The government and the United Nations and humanitarian partners have Saturday launched a Flash Appeal to raise $139.5 million (approximately Kshs 15b) to deliver relief to 1.3 million people whose lives have been hardest-hit by the crisis.
In his declaration of the national disaster, the President announced that the Government will implement comprehensive drought mitigation measures, after which the Government’s Treasury announced the release of 2 billion Kenyan shillings (approximately US$18 million) towards drought mitigation.
Read here –> A short version of the Kenya Flash Appeal
This comes in addition to 1.7 billion (approximately US$15.3 million) earlier announced for Government food assistance. Engagement is ongoing through the Kenya Humanitarian Partnerships Team with the National Drought Management Agency to understand the details of the Government’s planned response and ensure that the humanitarian response implemented under this Flash Appeal is optimally complementary
Visiting Wajir on Saturday, with Government officials, donor representatives and United Nations colleagues, the United Nations Resident Coordinator for Kenya, Dr Stephen Jackson, called for immediate action to respond to the severe drought that is ravaging communities in the Arid and Semi-Arid Lands (ASAL) region of the country.
@WajirCountyKE has not received rainfall for close to 2 years, but in Wagberi, @WFP_Kenya has supported the Danwathag group farm in resilience-building of solar-powered irrigation,shade nets, drought-resistant crops & production of fodder with support from @USAIDKenya pic.twitter.com/yiqeA2ZZlg
— UN Kenya (@UnKenya) October 2, 2021
“People in the ASAL region are facing a dire situation,” said Dr Jackson, as he launched the humanitarian Flash Appeal for the Kenya Drought response. “I met today with women, men, and children in Wajir, who all told me how their lives are being upended by the drought. It is imperative that we act now, working closely with communities and community-led organizations, to alleviate the suffering that has been caused by back-to-back poor rainy seasons.”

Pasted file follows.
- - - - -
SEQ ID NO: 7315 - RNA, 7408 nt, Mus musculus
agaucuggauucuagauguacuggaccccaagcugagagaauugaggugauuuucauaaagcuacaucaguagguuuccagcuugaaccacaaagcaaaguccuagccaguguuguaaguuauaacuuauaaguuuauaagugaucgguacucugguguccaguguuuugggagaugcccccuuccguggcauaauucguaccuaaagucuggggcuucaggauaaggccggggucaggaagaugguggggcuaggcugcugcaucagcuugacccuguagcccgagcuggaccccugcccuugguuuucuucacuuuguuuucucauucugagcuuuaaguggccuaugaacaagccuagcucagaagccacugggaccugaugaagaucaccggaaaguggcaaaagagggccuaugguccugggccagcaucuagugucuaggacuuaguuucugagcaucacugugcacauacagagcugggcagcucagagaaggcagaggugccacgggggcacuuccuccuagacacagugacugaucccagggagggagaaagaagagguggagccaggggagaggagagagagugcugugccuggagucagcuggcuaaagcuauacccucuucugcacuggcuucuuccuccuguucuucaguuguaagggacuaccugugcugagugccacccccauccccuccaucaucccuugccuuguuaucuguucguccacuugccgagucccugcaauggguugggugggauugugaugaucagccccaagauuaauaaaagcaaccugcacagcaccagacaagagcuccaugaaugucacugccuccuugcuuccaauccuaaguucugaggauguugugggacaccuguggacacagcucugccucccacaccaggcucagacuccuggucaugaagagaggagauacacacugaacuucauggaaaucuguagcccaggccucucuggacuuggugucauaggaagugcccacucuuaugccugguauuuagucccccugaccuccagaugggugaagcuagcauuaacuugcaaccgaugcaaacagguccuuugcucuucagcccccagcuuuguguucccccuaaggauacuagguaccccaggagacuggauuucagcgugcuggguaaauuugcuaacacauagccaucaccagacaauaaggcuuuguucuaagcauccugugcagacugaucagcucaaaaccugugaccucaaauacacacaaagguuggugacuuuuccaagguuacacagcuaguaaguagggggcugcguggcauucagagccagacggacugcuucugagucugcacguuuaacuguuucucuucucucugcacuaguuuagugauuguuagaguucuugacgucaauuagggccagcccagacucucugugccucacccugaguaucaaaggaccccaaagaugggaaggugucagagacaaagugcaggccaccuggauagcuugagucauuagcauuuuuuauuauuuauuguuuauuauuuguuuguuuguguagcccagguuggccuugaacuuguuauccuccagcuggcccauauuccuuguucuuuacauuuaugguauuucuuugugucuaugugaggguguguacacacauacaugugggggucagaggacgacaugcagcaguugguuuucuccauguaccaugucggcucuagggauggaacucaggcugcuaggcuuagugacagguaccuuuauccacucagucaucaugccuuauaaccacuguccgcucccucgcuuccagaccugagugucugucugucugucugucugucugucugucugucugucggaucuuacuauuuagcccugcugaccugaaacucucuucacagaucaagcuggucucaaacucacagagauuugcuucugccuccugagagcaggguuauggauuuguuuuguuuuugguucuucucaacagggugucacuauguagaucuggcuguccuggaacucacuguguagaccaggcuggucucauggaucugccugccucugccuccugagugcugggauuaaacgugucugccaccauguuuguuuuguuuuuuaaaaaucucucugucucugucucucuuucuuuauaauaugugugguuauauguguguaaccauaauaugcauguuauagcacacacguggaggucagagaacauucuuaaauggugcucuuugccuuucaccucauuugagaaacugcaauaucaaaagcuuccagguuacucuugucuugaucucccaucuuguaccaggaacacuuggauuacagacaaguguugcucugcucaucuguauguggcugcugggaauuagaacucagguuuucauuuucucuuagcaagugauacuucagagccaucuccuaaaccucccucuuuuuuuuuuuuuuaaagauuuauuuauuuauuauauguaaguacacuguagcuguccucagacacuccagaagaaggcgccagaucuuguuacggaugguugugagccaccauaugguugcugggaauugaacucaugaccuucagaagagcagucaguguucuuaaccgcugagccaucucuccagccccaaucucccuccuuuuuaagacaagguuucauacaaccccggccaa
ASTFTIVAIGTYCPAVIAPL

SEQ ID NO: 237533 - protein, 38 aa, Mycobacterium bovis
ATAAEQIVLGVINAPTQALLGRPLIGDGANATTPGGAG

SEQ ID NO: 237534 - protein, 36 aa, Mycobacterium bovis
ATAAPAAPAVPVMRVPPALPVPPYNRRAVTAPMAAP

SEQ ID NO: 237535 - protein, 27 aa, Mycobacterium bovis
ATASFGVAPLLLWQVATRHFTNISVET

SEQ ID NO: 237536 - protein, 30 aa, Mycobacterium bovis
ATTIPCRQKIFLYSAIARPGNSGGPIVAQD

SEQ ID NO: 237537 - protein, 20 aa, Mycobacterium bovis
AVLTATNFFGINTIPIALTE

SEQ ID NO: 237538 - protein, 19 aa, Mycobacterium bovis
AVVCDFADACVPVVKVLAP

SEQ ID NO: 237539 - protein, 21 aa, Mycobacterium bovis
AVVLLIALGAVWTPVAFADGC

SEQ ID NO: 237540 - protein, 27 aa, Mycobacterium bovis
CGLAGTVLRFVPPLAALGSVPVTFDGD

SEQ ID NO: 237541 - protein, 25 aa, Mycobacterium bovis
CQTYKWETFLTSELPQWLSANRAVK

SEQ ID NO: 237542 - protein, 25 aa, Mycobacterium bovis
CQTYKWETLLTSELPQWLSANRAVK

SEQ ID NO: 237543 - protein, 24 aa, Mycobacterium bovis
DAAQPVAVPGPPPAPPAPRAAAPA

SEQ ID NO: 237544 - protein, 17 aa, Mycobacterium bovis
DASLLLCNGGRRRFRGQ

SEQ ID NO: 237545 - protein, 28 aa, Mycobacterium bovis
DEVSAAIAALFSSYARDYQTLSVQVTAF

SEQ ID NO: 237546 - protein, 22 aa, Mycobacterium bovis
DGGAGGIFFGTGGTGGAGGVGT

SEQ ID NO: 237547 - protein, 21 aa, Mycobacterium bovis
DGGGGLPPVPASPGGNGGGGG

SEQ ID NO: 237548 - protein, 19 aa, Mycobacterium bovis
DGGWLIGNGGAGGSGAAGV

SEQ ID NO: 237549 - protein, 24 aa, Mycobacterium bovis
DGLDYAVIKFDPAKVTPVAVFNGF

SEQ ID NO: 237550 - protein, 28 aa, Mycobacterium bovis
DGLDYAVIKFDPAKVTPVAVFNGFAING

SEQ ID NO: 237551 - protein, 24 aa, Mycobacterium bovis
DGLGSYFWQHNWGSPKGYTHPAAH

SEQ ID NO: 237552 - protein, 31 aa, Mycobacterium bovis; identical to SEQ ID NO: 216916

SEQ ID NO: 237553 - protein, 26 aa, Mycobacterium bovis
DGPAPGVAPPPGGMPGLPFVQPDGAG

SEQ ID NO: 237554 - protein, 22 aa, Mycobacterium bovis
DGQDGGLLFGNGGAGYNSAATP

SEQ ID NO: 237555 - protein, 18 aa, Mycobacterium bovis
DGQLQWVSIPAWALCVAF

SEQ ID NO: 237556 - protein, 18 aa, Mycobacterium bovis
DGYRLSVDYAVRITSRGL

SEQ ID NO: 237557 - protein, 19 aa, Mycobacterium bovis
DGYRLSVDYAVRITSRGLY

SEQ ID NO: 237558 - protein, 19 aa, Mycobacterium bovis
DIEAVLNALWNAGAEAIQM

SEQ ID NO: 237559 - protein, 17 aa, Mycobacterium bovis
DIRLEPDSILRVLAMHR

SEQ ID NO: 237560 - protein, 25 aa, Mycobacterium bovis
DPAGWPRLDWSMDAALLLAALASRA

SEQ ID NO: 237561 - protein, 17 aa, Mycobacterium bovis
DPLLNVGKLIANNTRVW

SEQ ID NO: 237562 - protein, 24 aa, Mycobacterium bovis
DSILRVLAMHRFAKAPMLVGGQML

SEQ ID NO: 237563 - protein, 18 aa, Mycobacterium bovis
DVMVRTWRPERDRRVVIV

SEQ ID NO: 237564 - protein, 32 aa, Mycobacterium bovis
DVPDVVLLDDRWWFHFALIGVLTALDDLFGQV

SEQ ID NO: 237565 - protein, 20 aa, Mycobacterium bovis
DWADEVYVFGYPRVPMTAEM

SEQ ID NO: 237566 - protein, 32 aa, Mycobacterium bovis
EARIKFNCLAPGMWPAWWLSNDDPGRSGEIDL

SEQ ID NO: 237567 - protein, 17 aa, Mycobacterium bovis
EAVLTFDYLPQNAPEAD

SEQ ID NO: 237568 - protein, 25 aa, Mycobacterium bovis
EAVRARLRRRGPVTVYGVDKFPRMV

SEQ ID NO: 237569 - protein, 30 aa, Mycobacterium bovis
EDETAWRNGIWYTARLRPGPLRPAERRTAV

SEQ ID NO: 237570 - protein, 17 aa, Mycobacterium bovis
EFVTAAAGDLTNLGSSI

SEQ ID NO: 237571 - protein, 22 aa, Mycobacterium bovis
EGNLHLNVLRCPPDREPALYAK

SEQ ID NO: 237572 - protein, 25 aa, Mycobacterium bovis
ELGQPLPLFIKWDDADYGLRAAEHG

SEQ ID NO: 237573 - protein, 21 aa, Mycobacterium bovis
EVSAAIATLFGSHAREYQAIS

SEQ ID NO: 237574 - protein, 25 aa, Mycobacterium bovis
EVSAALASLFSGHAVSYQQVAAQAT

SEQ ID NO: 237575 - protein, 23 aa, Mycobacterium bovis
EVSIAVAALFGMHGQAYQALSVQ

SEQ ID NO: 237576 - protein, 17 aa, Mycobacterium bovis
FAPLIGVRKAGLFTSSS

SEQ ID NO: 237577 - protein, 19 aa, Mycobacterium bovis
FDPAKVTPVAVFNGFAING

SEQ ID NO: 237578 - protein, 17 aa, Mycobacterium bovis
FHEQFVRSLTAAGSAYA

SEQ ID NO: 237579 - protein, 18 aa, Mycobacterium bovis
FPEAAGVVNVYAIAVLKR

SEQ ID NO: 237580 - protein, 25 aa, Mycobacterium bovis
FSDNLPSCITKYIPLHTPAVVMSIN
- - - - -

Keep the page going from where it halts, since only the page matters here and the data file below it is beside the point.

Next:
Of the US$139.5 million an estimated $28.5 million has already been received from donors, including $5 million from the United Nations Central Emergency Response Fund.
The appeal brings together 45 humanitarian partners, including UN agencies, international non-governmental organizations (NGOs), national NGOs and the Kenya Red Cross Society, to complement the Government’s response to the drought crisis in the ASAL region.
At the El-Nur Clinic in Wajir, Dr Jackson met, Zeinab, who told the Resident Coordinator that she could not feed her children this morning and does not know if she will be able to put food on the table this evening. Many of her livestock have died because of the drought and the few that are remaining are in a very bad condition and cannot be sold in the market.
Zeinab’s story is emblematic of the situation faced by many people impacted by drought in the ASAL region, which the President of Kenya declared a national disaster on 8 September. There are now at least 2.1 million people facing severe food insecurity in the region, and this will rise to 2.4 million by the beginning of November – nearly triple the number at the same time last year.
Acute malnutrition is rising, posing an imminent risk to children and pregnant and lactating women, while men are having to trek further afield to access water, food and forage, resulting in family separation and tensions between communities. Women, children and the elderly are also facing increased risks of exploitation and abuse as a result of the deteriorating situation.
“Today I saw communities and humanitarians in action, working together to deliver life-saving and life-sustaining assistance to families in desperate need,” said Dr Jackson. “I saw doctors and nurses treating children and women suffering from acute malnutrition, and livestock in poor condition receiving urgently needed feed. I also saw innovative projects, such as the Alas Group farm, where sustainable solutions are being put in place to help communities to become resilient: to thrive now, and into the future.”
Reflecting on the launch of the Flash Appeal, Dr Jackson stressed the urgent need for additional funding to enable partners to scale-up the important work already being done on the ground.
“Humanitarian partners reached nearly half a million people in the ASAL region in the first seven months of 2021, in support of the Government-led response. However, much more must be done. Without additional funding, we risk jeopardizing the amazing efforts that are already underway and will certainly not be able to meet the rapidly rising needs that I have seen today.”
Read the summary of the Flash Appeal here.